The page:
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Jan 8, 2015

AGONISM AND HUMAN HISTORY

 
Staring from this panagonistic view of human nature, Ramon Valls made a scheme of the philosophy of history that makes a pacifying and completely humanized "we" conceivable. Valls thinks of human history from a dialectic perspective in three stages: first a political, imposed and educational "we"; second "‘I’s" which are individual, subjective, conflictive, with a dangerous tendency toward the most naive moralism and which resists the political "we" (which continues, however, for otherwise we will relapse into the war of all against all); and third, a new a true political "we" which differs from the earlier ones because it is formed by free recognition, reconciliation and mutual pardon among people.

This dialectic, the last key in the story, only makes sense if one presupposes that human nature is radically agonist, that is, based on and driven by struggle, egotism, conflict and war. As Valls says: "Therefore politics is constantly fighting against passions and interests and must keep the flock peaceful. A flock which often becomes lively and turns into a pack. Then they killthe suspected lambs and feed on each other ... as is natural".

So Valls sets himself within the realism which from Plautus to Hegel, passing through Hobbes, considers that "homo homini lupus est". We recall that the first contact between humans in "The Phenomenology of Spirit" leads to a struggle to the death or the complete submission or dominance of one and another. The dialectic of the noble and the serf, master and slave, is significantly the prime collective figure seen as such as a diverse response to agonism.

Even more, just as he begins his commentary on the prime figure of "Phenomenology", the awareness of the senses, Valls exclaims, "We have here the starting point of all diversities and all struggles. The irreducible diversity." Overcoming his earlier attempt of thinking of absolutes as loves, "Phenomenology" is guided by agonism and the harsh lessons which come from each of the figures of awareness. Each feels itself die just as it surpasses itself.

We are, then, faced with the collision between the concept on one hand, of human nature as struggle and egotism without "natural" limits and on the other hope (or despair) for an absolute, objective, final "we" of human existence which can control and overcome the agonism. Valls shows this referring over and over to what he calls "the Kantian golden line" (Metaphysics of Morals, "Conclusion of the Doctrine of Right") "war is not necessary: neither war between you and me in our natural state nor war between us as States (...); because this is not how one procures his rights".

Controlling Human Agonism and more Powerful Agonism

So it is very difficult to control an antagonism so deeply engrained in human nature; it is never completely eliminated and always returns. But Valls thinks that this is the primordial political task and the sense of history, and can only be done by laws and the State. As human nature is terrible, the monopoly on violence which every hegemonic regime has (be it despotic, totalitarian, democratic...) is legitimized because it tends to "end the terrible war". Therefore, and significantly, Valls defines "the political and juridical as insurance of stability".

As Hobbes showed, human agonism is so irreducible that it can only be pacified and controlled by counterposing a stronger agonism, the Leviathan. It is cruel, but the only possible route to pacification of society is the basic political mechanism defined by Hobbes. Valls was always clear that "justice, when it opposes the egotistical aims of the individual, acts as an equilibrium between law and power".

To illustrate the case Valls evolved in a way similar to that theorized by Hegel: a first stage of distrust of the State, then finally realizing that the State "is where we can accomplish the reconciliation which civil life can not achieve. (...) Meanwhile, it is better to have the State. By virtue of law our liberty is guaranteed here and now, it serves as arbiter between personal interests and egotism and guarantees an education for its citizens."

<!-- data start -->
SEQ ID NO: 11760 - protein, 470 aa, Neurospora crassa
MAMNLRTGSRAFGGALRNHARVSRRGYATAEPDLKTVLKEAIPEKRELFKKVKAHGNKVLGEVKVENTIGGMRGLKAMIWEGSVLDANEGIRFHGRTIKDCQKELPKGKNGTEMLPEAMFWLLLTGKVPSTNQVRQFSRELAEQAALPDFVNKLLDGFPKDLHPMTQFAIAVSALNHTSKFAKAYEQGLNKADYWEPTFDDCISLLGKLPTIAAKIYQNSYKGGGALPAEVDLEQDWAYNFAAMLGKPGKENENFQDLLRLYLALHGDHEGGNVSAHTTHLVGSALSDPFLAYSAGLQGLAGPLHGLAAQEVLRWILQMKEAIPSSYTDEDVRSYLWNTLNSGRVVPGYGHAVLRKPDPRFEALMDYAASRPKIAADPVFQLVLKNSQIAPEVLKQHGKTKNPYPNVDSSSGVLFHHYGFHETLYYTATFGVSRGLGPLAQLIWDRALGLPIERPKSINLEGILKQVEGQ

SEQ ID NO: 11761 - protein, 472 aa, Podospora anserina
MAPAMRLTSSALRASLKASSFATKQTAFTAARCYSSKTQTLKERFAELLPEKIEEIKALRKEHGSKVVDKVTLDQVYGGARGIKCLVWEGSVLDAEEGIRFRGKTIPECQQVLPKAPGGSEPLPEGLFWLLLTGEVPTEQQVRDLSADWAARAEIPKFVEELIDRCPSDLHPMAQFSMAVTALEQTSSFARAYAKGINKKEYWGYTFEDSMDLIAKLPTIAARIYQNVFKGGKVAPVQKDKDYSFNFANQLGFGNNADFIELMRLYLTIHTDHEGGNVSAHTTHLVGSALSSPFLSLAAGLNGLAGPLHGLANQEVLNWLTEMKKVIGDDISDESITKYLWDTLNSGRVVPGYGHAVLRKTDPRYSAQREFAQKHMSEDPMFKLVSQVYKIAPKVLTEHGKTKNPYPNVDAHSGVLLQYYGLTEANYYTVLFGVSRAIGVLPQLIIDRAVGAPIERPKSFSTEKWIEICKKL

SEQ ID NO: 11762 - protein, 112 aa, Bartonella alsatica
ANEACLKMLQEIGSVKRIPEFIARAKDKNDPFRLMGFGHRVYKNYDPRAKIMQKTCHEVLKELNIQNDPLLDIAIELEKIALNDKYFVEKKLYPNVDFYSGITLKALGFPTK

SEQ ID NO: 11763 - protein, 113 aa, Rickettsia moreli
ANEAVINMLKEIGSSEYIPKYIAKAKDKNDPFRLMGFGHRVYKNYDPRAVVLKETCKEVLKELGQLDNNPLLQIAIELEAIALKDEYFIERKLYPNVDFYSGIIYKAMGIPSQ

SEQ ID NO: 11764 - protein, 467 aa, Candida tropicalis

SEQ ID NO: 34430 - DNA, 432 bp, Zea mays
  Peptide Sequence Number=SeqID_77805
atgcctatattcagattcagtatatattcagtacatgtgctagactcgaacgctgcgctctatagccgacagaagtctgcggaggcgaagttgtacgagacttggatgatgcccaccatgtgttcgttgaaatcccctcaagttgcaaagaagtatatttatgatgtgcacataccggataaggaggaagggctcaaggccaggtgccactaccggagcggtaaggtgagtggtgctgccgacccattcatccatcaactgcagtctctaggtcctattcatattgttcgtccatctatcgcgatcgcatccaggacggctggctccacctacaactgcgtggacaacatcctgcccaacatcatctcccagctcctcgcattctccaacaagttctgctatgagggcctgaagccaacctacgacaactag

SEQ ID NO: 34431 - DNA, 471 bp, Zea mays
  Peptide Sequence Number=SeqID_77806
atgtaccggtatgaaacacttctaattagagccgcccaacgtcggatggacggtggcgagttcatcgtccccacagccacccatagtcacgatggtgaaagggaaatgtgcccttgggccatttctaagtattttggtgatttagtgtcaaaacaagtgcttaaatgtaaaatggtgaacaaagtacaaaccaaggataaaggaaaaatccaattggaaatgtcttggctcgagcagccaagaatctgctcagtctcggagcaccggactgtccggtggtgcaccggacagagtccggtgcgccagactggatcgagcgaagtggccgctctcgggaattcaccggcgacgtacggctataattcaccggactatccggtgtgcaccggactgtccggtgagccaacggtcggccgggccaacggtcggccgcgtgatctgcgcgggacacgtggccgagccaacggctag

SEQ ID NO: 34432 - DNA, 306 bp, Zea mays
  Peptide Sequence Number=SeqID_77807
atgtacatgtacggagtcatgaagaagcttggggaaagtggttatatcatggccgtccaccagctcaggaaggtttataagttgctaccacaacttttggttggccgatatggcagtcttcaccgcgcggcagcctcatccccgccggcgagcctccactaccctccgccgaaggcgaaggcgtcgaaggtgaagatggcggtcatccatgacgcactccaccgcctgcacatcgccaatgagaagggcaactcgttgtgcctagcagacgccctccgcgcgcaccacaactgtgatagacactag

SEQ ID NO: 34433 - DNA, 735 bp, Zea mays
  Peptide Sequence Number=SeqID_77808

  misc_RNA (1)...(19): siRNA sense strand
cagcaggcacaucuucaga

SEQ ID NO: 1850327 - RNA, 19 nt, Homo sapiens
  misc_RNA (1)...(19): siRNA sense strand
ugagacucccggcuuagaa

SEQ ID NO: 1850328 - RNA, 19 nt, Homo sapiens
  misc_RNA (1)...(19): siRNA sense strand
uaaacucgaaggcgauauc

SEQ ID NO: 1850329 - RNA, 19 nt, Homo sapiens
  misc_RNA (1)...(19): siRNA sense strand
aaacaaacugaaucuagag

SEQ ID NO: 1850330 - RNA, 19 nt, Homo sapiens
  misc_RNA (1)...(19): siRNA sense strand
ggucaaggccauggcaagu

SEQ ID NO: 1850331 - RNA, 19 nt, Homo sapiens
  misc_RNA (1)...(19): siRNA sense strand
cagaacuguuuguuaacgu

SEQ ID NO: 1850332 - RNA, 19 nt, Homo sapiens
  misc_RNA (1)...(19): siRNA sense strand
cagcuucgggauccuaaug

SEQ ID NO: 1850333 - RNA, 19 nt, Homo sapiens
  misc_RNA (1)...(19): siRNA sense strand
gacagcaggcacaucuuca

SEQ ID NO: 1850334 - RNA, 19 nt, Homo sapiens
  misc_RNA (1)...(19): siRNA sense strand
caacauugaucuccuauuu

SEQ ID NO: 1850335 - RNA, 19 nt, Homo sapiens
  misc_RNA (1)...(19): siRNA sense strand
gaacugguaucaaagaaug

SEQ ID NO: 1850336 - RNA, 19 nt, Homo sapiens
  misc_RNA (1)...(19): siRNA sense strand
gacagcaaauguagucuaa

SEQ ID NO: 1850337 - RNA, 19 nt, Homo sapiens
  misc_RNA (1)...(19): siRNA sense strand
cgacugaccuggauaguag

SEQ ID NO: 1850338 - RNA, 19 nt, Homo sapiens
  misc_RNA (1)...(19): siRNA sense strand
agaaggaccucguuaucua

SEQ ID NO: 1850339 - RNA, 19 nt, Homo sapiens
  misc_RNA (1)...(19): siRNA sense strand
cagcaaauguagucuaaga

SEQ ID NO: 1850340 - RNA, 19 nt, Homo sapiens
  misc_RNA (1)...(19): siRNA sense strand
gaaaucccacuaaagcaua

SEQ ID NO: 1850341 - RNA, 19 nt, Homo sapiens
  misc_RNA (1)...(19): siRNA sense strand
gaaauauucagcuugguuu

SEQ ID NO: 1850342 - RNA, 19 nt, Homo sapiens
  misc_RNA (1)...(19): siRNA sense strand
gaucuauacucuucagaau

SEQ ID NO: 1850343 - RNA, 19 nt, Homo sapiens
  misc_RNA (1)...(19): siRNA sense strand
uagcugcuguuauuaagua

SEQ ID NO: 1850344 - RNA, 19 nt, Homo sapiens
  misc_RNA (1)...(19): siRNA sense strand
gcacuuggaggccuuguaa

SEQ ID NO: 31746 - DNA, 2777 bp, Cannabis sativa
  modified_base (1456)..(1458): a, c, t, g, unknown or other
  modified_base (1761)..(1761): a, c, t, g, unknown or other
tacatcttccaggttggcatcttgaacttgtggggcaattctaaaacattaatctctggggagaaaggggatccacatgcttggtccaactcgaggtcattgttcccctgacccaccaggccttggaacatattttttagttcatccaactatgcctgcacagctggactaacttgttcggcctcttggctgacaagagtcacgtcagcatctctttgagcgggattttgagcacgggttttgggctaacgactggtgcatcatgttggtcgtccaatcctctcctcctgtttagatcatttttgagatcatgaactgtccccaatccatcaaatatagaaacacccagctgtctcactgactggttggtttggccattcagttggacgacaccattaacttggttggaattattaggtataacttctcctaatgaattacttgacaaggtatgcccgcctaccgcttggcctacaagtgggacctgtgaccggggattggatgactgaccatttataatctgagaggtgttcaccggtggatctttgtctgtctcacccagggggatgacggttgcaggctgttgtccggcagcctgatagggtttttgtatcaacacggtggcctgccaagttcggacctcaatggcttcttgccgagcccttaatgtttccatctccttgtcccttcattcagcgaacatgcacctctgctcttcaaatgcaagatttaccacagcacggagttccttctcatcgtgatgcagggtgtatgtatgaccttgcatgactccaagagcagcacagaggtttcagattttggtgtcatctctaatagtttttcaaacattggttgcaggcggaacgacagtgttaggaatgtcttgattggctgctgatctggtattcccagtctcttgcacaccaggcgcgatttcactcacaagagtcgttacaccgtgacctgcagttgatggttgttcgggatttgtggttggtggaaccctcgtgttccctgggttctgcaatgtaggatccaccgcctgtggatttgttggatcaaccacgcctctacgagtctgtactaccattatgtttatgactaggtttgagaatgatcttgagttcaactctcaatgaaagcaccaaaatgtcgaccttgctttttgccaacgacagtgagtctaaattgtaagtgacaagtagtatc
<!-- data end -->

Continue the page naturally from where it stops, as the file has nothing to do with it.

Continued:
Valls presupposes that the defining characteristic of the State is its monopoly on violence, which automatically creates an identifiable norm known as justice. He considers this a great characteristic/mechanism, and therefore does not distinguish between the State and what scholars would consider simple, non-institutionlized spontaneous leadership.

We analyze the metaphor of the first humanized monkeys; from fear they said "We both want the banana, but since we don’t want to die for it, you tell us what to do and we’ll obey". The State has been invented. Monkey C has been called to impose law and order". Here Valls ignores that spontaneous leadership tends to be temporal, based on consensus, accepted without much resistance and more linked to the person than to the social role occupied, and therefore tends to disappear with the specific person; the simplest State, however, presupposes a strong institutionalization of power with a permanent division of social functions: power depends more on the structure and place occupied than on the person occupying. In fact, the whole dynamic complex (which fascinated Machiavelli) leads a few spontaneous leaderships to institutionalize themselves in a self-sustained power structure which, in the end, is indisputably a state.

Valls himself recognizes this when he continues "monkey C knows he is not equal to monkey A or B. (...) and as he is not ready to tolerate daily challenges to his position, he is obliged to maintain a fine balance the always precarious consensus of the representatives and a certain despotism (...). Such things may seem unpleasant, but they are true".

Surely the simplified caricature of "the monkeys", where one sees his "brutal" and provocative style, has the function of reducing the essence of the State to the control of the agonism of its subjects thanks to its monopoly on violence (in which it is of secondary importance how it got and how it uses the power). Therefore he follows in the same style, "the State’s movement, as legislator and in sanctions, is necessary whatever its territory, if we don’t want to claw ourselves to death".

Legitimacy of the violence of the "we"

Within this framework, Valls coherently argued the legitimacy of coercion and violence by the law or its "armed part", specifically because it was necessary to control the "natural" violence of those who violated the law. Following